Calamagrostis X 'Karl Foerster' clumps around a fountain (Lohr)

Calamagrostis ×acutiflora 'Karl Foerster'
Feather reed grass

  • Water use: Moderate.
  • Light: Full sun for strong flower stalks.
  • Size: Including flower spikes, plants are 4 to 5 feet tall. Clumps get a few inches wider each year; young plants may be 8 inches wide, older clumps may be 3 feet or more wide.
  • Plant habit: Deciduous, upright, clump-forming grass. Very vertical in appearance.
  • Leaves: Green, arching leaves are 1/4 to 1/2 inch wide. They begin growing in very early spring. Leaves turn tan in the fall and winter.
Calamagrostis X 'Karl Foerster' in early spring (Lohr)Calamagrostis X 'Karl Foerster' in late spring (Lohr)Calamagrostis X 'Karl Foerster' in early summer (Lohr)
  • Season of bloom: Early summer. Flowers rise above the leaves and are brownish-purple. Flowers fade to golden yellow. Seed heads persist and are attractive from summer through the next spring.
  • Culture: This cool-season grass begins growing in very early spring and does not go dormant in the summer if grown with moderate water. Will grow in heavy soils.
Calamagrostis X 'Karl Foerster' in late summer (Lohr)Calamagrostis X 'Karl Foerster' in late fall (Lohr)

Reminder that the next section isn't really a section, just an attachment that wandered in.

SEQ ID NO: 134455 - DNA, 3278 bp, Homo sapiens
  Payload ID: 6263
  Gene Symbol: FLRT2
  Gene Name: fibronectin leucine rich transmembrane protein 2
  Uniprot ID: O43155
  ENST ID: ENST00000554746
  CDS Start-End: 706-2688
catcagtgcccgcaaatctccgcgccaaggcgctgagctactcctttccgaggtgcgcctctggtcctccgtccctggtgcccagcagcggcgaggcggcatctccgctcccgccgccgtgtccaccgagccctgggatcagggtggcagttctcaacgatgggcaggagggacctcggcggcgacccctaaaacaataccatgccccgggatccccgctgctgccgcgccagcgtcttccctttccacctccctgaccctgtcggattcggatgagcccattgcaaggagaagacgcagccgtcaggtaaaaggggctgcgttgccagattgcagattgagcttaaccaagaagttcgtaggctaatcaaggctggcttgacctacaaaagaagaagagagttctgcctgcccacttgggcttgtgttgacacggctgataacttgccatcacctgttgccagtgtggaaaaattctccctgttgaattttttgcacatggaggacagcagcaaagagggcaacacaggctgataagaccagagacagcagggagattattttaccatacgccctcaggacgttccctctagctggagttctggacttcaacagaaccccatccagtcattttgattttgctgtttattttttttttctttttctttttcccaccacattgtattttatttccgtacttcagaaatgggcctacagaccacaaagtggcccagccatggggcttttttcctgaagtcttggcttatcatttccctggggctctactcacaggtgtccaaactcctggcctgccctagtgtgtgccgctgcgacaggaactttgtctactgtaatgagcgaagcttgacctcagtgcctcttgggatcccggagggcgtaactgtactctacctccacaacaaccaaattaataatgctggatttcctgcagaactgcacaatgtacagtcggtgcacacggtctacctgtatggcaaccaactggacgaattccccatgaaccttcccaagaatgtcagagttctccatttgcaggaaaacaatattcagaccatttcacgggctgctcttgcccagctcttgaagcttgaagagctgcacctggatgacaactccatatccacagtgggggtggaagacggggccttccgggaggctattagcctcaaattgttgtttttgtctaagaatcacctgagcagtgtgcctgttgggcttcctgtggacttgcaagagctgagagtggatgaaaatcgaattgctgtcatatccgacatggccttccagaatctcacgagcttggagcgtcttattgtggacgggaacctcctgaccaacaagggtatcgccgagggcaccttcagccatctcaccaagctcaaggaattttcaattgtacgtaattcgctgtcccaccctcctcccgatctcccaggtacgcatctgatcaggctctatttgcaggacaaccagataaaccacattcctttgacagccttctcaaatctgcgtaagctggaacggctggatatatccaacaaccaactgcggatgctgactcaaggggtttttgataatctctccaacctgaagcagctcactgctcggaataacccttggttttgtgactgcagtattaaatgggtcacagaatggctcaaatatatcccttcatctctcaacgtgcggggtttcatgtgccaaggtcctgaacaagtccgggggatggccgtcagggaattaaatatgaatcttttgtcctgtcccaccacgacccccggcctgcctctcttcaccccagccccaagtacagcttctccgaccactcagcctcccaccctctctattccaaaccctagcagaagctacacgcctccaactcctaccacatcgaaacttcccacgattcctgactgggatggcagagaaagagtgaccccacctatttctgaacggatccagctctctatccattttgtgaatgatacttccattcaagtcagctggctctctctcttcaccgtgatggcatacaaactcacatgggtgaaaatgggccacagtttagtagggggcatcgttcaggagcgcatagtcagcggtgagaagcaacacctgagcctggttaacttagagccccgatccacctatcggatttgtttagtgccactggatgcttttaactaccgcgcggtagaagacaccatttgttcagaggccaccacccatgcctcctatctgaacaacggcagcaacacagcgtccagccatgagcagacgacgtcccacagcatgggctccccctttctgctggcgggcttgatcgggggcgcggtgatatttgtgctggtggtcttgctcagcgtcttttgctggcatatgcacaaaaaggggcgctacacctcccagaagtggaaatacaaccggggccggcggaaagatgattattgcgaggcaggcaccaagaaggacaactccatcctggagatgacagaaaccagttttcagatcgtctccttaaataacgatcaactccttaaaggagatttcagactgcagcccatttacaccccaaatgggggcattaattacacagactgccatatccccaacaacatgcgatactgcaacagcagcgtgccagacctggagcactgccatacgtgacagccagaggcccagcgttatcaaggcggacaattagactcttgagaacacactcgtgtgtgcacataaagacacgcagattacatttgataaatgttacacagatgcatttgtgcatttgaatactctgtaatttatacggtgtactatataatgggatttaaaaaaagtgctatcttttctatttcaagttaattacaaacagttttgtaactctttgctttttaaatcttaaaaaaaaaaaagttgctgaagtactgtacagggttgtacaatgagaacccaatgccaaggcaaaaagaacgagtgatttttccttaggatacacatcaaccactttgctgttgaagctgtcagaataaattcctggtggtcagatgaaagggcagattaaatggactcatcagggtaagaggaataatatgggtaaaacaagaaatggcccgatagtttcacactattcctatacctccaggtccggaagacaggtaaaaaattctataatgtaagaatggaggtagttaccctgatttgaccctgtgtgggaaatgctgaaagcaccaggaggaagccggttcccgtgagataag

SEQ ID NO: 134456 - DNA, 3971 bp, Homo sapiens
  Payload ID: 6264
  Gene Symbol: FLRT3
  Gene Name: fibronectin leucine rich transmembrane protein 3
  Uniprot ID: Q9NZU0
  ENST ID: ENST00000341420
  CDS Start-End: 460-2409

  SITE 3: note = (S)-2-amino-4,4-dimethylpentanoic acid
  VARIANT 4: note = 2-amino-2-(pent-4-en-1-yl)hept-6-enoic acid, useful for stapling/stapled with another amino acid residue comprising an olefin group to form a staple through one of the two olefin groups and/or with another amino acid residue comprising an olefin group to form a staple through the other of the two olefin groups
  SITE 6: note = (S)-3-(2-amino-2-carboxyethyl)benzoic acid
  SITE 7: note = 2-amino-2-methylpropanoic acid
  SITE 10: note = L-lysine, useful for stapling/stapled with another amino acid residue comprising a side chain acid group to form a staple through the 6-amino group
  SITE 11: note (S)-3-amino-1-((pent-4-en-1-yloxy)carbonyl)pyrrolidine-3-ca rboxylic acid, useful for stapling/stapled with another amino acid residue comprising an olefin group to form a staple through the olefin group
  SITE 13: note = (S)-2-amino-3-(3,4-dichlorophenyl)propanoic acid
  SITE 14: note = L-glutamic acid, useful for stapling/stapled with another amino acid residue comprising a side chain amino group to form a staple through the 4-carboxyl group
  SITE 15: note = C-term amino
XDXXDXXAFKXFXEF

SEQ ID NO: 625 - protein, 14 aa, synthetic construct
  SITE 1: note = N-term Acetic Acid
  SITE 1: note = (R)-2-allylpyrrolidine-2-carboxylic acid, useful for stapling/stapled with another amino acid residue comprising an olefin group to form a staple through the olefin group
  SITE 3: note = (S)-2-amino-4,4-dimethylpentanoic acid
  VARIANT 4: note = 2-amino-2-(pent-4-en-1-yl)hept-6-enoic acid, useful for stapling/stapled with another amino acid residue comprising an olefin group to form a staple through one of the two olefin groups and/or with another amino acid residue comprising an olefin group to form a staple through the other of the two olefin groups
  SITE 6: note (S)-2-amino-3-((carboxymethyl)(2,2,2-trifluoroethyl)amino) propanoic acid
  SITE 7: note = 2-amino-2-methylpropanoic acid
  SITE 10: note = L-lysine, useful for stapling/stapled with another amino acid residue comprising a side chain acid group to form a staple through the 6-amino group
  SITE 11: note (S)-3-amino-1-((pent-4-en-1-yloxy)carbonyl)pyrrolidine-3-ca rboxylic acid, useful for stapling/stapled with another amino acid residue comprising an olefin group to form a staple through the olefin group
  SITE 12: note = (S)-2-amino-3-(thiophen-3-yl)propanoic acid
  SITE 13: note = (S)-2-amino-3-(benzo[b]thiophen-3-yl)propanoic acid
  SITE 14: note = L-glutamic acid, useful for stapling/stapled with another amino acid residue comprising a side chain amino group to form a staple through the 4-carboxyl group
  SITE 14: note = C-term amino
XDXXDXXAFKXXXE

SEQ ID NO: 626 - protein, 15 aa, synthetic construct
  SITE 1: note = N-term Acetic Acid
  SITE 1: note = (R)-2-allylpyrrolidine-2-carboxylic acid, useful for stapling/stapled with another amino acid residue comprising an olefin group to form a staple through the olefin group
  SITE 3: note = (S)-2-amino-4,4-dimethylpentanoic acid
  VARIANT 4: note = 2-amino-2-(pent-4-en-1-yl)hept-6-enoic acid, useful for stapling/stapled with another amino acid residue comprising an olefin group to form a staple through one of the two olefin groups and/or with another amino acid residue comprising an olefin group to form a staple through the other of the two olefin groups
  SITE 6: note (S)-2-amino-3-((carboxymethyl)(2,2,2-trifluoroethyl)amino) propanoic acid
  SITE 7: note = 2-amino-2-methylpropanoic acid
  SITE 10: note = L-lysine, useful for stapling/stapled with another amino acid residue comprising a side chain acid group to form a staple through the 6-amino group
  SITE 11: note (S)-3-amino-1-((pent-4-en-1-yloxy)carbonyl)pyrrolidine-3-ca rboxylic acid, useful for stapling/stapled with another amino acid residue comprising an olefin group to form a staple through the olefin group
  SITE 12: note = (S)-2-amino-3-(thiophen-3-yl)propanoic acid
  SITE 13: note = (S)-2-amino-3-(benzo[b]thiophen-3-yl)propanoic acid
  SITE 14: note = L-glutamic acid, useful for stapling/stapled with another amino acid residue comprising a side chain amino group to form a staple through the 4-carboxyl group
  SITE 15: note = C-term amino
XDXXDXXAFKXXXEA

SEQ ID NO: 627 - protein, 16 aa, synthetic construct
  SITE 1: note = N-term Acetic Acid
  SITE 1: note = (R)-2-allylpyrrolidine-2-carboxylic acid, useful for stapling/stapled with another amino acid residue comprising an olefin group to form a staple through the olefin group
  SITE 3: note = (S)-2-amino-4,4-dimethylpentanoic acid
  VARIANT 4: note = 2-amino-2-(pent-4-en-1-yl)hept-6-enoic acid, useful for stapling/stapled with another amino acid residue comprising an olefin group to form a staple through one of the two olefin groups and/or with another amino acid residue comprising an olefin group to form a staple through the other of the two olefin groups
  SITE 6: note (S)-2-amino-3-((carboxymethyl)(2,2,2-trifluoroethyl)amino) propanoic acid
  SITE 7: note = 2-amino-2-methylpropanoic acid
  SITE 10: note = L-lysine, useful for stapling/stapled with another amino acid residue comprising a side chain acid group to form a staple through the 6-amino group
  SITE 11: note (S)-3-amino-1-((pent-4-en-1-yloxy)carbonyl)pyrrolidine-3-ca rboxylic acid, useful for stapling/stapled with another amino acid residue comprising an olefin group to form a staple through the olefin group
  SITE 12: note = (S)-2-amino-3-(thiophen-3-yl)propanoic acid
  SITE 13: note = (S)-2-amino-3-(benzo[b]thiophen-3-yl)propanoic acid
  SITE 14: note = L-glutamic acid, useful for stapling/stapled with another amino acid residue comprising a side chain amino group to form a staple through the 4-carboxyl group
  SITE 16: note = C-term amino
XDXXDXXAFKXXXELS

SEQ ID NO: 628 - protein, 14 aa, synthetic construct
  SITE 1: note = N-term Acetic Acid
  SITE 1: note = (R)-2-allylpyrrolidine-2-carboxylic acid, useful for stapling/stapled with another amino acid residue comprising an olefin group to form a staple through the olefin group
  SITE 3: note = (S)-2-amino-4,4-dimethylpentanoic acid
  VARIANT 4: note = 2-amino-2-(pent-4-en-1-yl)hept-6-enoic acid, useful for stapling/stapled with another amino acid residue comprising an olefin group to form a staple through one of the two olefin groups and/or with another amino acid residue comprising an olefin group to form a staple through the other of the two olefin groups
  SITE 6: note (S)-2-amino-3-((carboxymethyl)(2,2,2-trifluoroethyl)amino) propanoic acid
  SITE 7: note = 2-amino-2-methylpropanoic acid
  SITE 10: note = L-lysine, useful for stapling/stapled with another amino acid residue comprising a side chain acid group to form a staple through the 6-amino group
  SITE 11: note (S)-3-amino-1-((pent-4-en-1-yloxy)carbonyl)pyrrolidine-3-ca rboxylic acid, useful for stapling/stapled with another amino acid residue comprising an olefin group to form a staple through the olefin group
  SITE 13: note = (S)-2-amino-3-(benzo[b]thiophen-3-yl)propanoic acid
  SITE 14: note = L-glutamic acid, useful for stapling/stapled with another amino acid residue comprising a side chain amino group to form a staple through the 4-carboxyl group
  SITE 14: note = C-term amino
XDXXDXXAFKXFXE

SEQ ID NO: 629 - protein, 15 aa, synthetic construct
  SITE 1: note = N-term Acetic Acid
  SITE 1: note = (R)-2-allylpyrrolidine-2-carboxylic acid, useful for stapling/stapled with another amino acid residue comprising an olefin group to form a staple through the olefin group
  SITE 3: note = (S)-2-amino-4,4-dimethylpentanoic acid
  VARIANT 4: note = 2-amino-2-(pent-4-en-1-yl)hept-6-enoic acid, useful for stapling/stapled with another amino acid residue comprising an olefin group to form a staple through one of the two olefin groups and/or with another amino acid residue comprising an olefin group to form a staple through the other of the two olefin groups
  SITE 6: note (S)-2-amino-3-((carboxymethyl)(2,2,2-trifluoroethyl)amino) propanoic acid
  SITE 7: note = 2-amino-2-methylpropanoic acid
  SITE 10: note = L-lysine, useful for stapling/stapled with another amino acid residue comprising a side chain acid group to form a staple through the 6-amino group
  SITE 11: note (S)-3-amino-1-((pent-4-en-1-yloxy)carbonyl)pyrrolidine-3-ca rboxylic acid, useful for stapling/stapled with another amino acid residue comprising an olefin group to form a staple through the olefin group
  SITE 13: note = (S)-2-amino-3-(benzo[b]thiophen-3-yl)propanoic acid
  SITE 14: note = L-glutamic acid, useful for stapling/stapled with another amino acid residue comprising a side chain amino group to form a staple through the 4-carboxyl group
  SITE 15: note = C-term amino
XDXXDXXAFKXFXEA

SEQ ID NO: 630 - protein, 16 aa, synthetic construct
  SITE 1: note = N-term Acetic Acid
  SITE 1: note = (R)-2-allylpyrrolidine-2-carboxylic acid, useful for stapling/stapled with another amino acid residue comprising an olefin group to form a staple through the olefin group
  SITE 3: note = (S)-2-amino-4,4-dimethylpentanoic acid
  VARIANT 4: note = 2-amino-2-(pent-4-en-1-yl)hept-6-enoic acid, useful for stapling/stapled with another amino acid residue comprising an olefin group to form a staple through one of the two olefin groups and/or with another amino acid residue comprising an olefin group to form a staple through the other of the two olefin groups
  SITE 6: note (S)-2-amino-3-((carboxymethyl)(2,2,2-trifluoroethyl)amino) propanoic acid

• Maintenance: Old flowers and leaves are typically removed in late winter or early spring, just as new growth is evident. If the seed stalks are left on the plant in the winter, they will provide interesting winter appearance. Snow loads will cause the seed stalks to bend to the ground, but most will pop back upright when the snow melts. Flowers are sterile, so the plant does not reseed.
  • Pests/Diseases: Insect- and disease-free.
  • Other: Attractive vertical form provides a nice contrast to other perennials. This plant is great for screening. Children enjoy hiding behind it and peering through its leaves.  The Perennial Plant Association selected it as the 2001 Perennial Plant of the Year.
Additional images of Calamagrostis (Lohr)

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Water-conserving plant list
Page creators:
Virginia I. Lohr and Caroline H. Pearson-Mims
Dept. of Hort & LA, Washington St. Univ.
Page updated March 21, 2007